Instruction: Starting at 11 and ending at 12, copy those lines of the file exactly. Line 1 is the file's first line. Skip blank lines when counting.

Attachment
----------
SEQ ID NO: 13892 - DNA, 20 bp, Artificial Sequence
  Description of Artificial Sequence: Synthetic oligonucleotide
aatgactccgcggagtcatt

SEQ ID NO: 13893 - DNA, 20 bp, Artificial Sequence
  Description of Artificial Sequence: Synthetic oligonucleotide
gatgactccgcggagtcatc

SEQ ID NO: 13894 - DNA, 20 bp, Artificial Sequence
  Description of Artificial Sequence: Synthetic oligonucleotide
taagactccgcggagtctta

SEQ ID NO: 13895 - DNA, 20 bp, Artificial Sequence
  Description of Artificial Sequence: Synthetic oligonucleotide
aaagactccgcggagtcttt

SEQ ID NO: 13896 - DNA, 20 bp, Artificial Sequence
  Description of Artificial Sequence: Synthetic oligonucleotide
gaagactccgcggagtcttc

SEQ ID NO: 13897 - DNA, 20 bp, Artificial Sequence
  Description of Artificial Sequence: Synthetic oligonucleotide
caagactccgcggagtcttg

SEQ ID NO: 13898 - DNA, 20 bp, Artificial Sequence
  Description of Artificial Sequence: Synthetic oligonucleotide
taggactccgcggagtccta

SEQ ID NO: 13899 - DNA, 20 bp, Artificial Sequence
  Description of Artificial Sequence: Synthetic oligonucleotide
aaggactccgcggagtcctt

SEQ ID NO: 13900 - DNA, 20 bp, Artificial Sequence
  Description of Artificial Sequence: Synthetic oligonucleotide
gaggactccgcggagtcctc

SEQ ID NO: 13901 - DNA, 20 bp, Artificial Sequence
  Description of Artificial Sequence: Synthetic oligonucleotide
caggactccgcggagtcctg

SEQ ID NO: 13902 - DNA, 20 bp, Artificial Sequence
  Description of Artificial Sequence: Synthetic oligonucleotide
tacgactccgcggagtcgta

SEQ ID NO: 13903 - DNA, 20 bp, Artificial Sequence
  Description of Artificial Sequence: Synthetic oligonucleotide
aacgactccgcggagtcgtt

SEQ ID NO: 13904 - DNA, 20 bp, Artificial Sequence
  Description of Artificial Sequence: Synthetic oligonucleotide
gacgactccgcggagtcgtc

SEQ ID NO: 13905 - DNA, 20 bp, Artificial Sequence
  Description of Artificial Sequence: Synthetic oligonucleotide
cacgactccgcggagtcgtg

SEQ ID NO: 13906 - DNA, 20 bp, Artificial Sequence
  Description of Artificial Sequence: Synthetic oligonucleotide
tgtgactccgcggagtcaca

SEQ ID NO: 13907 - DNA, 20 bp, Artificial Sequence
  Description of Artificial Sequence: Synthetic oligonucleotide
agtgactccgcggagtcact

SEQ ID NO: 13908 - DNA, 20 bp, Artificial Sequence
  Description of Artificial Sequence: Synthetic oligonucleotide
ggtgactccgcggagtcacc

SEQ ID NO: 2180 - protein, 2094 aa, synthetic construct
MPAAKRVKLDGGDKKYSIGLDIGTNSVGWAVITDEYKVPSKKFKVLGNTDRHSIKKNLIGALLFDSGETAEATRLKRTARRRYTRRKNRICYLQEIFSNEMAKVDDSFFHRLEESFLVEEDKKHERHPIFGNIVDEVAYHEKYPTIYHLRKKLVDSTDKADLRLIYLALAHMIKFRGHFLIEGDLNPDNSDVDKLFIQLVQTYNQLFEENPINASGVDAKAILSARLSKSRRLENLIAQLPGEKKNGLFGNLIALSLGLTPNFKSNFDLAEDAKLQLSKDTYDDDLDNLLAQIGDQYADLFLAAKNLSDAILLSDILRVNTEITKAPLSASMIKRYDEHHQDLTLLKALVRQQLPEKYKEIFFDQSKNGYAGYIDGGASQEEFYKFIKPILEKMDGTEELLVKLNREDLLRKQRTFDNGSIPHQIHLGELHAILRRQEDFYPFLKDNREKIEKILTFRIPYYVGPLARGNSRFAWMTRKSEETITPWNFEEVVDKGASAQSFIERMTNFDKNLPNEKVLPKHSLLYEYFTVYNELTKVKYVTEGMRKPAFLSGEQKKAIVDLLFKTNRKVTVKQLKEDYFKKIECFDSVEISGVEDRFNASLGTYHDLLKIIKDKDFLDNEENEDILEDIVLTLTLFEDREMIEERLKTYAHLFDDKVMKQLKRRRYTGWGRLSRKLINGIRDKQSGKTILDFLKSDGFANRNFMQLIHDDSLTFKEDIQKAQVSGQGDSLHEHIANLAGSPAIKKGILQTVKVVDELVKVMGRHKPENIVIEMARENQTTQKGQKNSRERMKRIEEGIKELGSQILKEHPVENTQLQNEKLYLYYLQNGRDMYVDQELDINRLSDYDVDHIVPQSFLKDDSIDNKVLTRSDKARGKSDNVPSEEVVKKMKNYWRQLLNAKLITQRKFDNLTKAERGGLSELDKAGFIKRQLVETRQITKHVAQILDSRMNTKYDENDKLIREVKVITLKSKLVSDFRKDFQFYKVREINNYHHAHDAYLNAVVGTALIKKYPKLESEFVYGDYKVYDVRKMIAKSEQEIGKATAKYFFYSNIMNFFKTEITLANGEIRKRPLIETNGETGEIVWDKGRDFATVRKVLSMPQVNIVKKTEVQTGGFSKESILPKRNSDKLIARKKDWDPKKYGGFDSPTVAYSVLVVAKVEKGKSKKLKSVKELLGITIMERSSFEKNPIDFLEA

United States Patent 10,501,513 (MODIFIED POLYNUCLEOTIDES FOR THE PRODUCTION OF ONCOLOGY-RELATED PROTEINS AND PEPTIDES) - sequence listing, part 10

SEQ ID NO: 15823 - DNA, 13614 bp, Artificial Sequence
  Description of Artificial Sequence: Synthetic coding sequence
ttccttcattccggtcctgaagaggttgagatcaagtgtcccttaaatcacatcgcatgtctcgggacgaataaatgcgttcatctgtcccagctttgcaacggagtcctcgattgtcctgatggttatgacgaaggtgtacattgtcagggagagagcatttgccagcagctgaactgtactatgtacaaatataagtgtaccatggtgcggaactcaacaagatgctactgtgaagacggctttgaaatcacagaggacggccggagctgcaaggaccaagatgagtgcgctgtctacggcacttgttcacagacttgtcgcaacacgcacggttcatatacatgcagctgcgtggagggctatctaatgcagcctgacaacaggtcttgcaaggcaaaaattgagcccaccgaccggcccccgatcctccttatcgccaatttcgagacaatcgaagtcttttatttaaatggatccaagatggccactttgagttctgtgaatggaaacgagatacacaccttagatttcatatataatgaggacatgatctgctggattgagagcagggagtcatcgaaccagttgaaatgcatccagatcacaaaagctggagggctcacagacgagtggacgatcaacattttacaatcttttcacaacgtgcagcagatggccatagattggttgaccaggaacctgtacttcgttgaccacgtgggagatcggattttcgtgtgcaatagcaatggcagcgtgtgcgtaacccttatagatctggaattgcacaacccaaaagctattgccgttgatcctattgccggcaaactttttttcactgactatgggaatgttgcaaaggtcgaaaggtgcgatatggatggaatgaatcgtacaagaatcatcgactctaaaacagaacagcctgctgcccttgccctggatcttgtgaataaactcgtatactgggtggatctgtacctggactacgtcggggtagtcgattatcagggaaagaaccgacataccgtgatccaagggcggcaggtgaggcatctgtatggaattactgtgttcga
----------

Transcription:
  Description of Artificial Sequence: Synthetic oligonucleotide
aaagactccgcggagtcttt